From wider reaching countries to have made this year’s longlist is Iraqi filmaker and writer Hassan Blasim, Israeli writer Ayelet Tsabari, Nigerian short story specialist A. Igoni Barrett, and from Switzerland, Peter Stamm.

The longlist in full, as elected by a panel of three – comprised of poet, publisher and short story writer, John F. Deane, deputy editor of The Sunday Times and founder of the Sunday Times Short Story Award, Cathy Galvin, and former executive editor of the Paris Review and founder of New York-based literary journal A Public Space, Brigid Hughes – is as follows (links lead to author websites where available, and publisher pages):

The longlist will be reduced to a shortlist of up to six books in late May, with the winner being announced in July. The winner will be presented with his/her cheque at the Cork International Short Story Festival in September.

For further details please visit the Frank O’Connor International Short Story Award website, or the award’s Facebook page.

About Rob

Rob, a self-confessed bibliophile, is without any hope of rehabilitation. He gets unnaturally excited over anything book-shaped, and if book sniffing were a crime then he would have been locked up years ago (which wouldn't bother him in the slightest provided his cell was lined with books)

Comments

  1. I find these lists rather thrilling and would be chuffed if some unknown writer with a small press won. Alas, I don’t think this will happen. And you? I haven’t read Joyce Carole Oates since the eighties and would be interested to see how her work has changed. There are so many lesser known books I would love to delve into. Tips? Am looking forward to the shortlist in May.

    • Rob (Twitter: robaroundbooks)
      says:

      You know Chillcat, I don’t think an ‘unknown’ is going to win either, but we can live in hope. As for tips, well I’ve yet to read a good few of these myself but as far as lesser knowns go, I’d certainly recommend Claire Vaye Watkins BATTLEBORN and Tony Williams’ ALL THE BANANAS I’VE NEVER EATEN. Also take a look at Jon Pinnock’s DOT DASH and Rebecca Lee’s BOBCAT. And although I’ve not read it yet, I’ve heard a heck of a lot of good things about Hassan Blasim’s THE IRAQI CHRIST.

      Personally I’m kind of interested in Molly Ringwald’s debut collection, WHEN IT HAPPENS TO YOU. She’s a fine actor and I wonder if her writing is as skilful. Also deeply interested in Jess Walter’s WE LIVE IN WATER and Josephine Rowe’s TARCUTTA WAKE.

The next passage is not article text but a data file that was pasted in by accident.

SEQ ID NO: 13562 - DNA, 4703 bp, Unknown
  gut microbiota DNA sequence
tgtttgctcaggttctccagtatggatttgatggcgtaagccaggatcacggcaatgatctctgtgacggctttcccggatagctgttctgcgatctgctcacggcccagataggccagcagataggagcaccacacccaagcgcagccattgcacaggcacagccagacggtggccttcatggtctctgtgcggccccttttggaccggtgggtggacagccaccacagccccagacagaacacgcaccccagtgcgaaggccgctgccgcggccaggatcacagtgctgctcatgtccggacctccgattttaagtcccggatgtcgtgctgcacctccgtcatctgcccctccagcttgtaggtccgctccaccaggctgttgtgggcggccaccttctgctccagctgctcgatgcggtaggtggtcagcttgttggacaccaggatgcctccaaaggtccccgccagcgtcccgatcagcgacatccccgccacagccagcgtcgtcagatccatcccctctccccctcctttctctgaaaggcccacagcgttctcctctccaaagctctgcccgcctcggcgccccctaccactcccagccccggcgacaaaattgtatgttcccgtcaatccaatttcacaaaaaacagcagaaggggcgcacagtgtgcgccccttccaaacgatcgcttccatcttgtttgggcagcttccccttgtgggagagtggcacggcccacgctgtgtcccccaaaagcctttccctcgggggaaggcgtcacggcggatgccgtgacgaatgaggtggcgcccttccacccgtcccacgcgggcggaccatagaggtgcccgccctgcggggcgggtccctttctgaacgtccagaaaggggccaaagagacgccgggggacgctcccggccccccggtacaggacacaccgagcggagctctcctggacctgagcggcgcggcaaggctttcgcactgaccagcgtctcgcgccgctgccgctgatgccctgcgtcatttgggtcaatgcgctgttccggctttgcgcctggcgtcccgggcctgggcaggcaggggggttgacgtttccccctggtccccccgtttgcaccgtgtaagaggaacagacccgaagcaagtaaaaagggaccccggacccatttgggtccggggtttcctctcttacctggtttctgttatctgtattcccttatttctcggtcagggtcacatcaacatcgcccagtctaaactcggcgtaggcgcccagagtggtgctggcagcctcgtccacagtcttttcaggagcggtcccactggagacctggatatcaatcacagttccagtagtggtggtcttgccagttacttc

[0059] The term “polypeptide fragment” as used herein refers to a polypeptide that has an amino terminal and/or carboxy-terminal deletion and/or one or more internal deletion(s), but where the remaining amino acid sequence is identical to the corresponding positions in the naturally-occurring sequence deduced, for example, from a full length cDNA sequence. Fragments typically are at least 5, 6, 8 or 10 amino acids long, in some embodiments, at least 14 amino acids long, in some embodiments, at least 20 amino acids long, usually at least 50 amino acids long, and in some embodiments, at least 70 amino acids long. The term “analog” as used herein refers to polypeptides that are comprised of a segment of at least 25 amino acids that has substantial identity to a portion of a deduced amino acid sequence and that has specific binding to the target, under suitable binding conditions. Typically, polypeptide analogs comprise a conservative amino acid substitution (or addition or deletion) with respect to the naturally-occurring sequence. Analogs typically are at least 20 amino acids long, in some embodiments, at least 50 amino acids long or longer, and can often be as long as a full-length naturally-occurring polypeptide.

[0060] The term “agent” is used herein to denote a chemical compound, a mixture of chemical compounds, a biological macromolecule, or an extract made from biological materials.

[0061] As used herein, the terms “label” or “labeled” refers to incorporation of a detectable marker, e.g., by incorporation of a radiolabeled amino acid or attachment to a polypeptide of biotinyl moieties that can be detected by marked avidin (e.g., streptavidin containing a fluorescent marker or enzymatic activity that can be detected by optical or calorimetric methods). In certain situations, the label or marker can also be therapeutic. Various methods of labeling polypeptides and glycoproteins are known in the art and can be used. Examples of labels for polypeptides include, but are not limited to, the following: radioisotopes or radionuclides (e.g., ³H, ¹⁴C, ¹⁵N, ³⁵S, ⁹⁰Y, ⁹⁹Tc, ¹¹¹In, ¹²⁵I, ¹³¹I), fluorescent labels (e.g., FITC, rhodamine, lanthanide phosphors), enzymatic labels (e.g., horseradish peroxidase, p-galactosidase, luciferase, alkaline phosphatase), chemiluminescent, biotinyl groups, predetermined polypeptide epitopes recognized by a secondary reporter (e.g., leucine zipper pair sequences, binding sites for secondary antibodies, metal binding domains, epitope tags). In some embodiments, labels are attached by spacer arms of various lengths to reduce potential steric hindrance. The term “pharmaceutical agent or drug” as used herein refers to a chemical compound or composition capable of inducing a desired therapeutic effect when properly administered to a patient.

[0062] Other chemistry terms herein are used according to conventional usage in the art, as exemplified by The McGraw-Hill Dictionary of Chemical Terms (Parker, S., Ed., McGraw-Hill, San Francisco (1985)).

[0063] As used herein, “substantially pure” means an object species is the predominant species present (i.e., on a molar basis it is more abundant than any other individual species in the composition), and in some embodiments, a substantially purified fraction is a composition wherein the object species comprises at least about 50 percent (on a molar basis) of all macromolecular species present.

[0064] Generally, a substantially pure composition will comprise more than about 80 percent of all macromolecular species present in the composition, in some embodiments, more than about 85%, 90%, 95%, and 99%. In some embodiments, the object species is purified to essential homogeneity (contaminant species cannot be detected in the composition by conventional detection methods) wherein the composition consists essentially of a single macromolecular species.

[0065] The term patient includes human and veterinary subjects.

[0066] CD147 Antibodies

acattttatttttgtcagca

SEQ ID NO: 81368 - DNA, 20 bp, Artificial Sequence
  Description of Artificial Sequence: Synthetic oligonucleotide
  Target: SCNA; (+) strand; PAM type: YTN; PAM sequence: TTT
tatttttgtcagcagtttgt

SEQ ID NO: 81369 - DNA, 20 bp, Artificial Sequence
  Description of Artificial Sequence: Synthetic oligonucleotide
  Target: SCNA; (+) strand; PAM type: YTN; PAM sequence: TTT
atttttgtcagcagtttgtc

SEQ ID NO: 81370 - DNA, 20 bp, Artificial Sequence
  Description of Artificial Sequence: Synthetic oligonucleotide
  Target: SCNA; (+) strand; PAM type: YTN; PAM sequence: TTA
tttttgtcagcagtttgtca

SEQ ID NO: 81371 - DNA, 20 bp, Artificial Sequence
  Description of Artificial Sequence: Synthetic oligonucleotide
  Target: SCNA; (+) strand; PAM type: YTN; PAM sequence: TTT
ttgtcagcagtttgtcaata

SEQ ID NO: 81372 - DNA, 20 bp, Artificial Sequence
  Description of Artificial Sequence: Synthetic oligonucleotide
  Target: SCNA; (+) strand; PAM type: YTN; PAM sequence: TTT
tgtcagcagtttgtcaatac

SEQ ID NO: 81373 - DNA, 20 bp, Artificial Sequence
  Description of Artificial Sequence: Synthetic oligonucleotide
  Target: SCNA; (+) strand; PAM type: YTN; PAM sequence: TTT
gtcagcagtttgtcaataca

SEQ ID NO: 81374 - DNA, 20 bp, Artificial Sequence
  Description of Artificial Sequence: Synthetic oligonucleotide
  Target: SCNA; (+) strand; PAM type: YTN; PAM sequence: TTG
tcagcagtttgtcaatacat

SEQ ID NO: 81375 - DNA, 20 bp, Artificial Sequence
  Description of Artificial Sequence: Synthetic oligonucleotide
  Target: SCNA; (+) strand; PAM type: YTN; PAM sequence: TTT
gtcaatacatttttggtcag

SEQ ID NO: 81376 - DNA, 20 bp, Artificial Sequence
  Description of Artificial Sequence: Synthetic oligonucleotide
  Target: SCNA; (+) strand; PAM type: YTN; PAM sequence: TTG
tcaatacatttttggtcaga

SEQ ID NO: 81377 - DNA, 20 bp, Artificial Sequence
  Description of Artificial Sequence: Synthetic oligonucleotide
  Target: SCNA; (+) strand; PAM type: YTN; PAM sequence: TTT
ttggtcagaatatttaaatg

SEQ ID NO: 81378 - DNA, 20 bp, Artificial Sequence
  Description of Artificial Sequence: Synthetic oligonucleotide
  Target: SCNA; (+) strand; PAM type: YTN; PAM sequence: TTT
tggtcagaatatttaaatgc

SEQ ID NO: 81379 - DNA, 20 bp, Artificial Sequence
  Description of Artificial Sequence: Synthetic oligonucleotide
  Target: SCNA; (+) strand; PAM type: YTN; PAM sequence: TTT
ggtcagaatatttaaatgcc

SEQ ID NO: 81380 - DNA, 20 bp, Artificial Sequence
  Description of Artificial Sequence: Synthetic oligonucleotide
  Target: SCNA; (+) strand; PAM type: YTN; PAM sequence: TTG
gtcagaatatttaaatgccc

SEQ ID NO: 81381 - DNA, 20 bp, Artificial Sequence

Warmest
      Rob

  2. talkingpoint says:

    If reviews are any indication, Joyce Carole Oates, Junot Diaz, Prajwal Parajuly, Jessica Francis Kane, Joshua Cohen and Emma Donoghue

    • Rob (Twitter: robaroundbooks)
      says:

      It’s undoubtedly a very strong longlist, and one has to feel somewhat sorry for the ‘lesser knowns’. Still, it’s all good exposure for everyone.
      Warmest
      Rob
      P.S. I’m surprised you haven’t got George Saunders on your ‘shortlist’. Can’t seem to go anywhere these days without him and his collection popping up.

  3. stujallen (Twitter: stujallen)
    says:

    Joshua Cohen is one name that jumps out at me mainly as his book witz was about 800 pages long a stark contrast to a short story ,all the best stu

  4. No Karen Russell (Vampires in the Lemon Grove)?!?!? I don’t understand how that’s possible, especially in such a long list.

    • Rob (Twitter: robaroundbooks)
      says:

      Good point Karl. Didn’t even notice this. Emmm….only think I can think of is she couldn’t commit to attending the prize giving ceremony in Cork in September (one of the conditions facing the winner). That said, it’s a great promotional opportunity, whether her collection wins or not.
      Warmest
      Rob

    • Karen’s book wasn’t eligible because it was published in 2013. It’s certain to be in the running next year. It’s excellent. I hope someone notices my book, too, Stoning the Devil, which is also on the list!

      • Rob (Twitter: robaroundbooks)
        says:

        Of course, that explains it Garry. And congratulations on being on the Frank O’Connor this year (and the Edge Hill Short Story Prize). Can’t imagine too many not noticing that you’re on both. Good luck and thanks for stopping by to enlighten me (us).
        Warmest
        Rob

      • It’s odd that Jess Walter’s We Live in Water (which is in the long list here) is shown (on Amazon, anyway) as having the same publication date as Vampires in the Lemon Grove: Feb 12, 3013. But maybe there’s some vagary having to do with an official UK publication date or something.

  5. Thanks Rob!

  6. George Saunders and Prajwa Parajuly have been written about the most. Emma Donoghue deserves to be on this list. Cohen and Oates may just be snubbed. Thoughts Rob?

    • Rob (Twitter: robaroundbooks)
      says:

      Hi Carli,
      It’s an interesting list for sure, and one that’s totally dominated by the Americans. I can see Saunders or Diaz walking this, but Vaye Watkins may well snatch the prize from Diaz like she did with The Story Prize. Interesting you say that Parajuly has been written about widely. I’ve not seen anything.
      Warmest
      Rob

Trackbacks

  1. […] longlist for the Frank O’Connor International Short Story Award for 2013 has been announced. I could […]

  2. […] over the past few years. It’s a huge honour. Here’s a cool link to a short fiction blog, Rob Around Books, which compiled the longlisted covers into a neat […]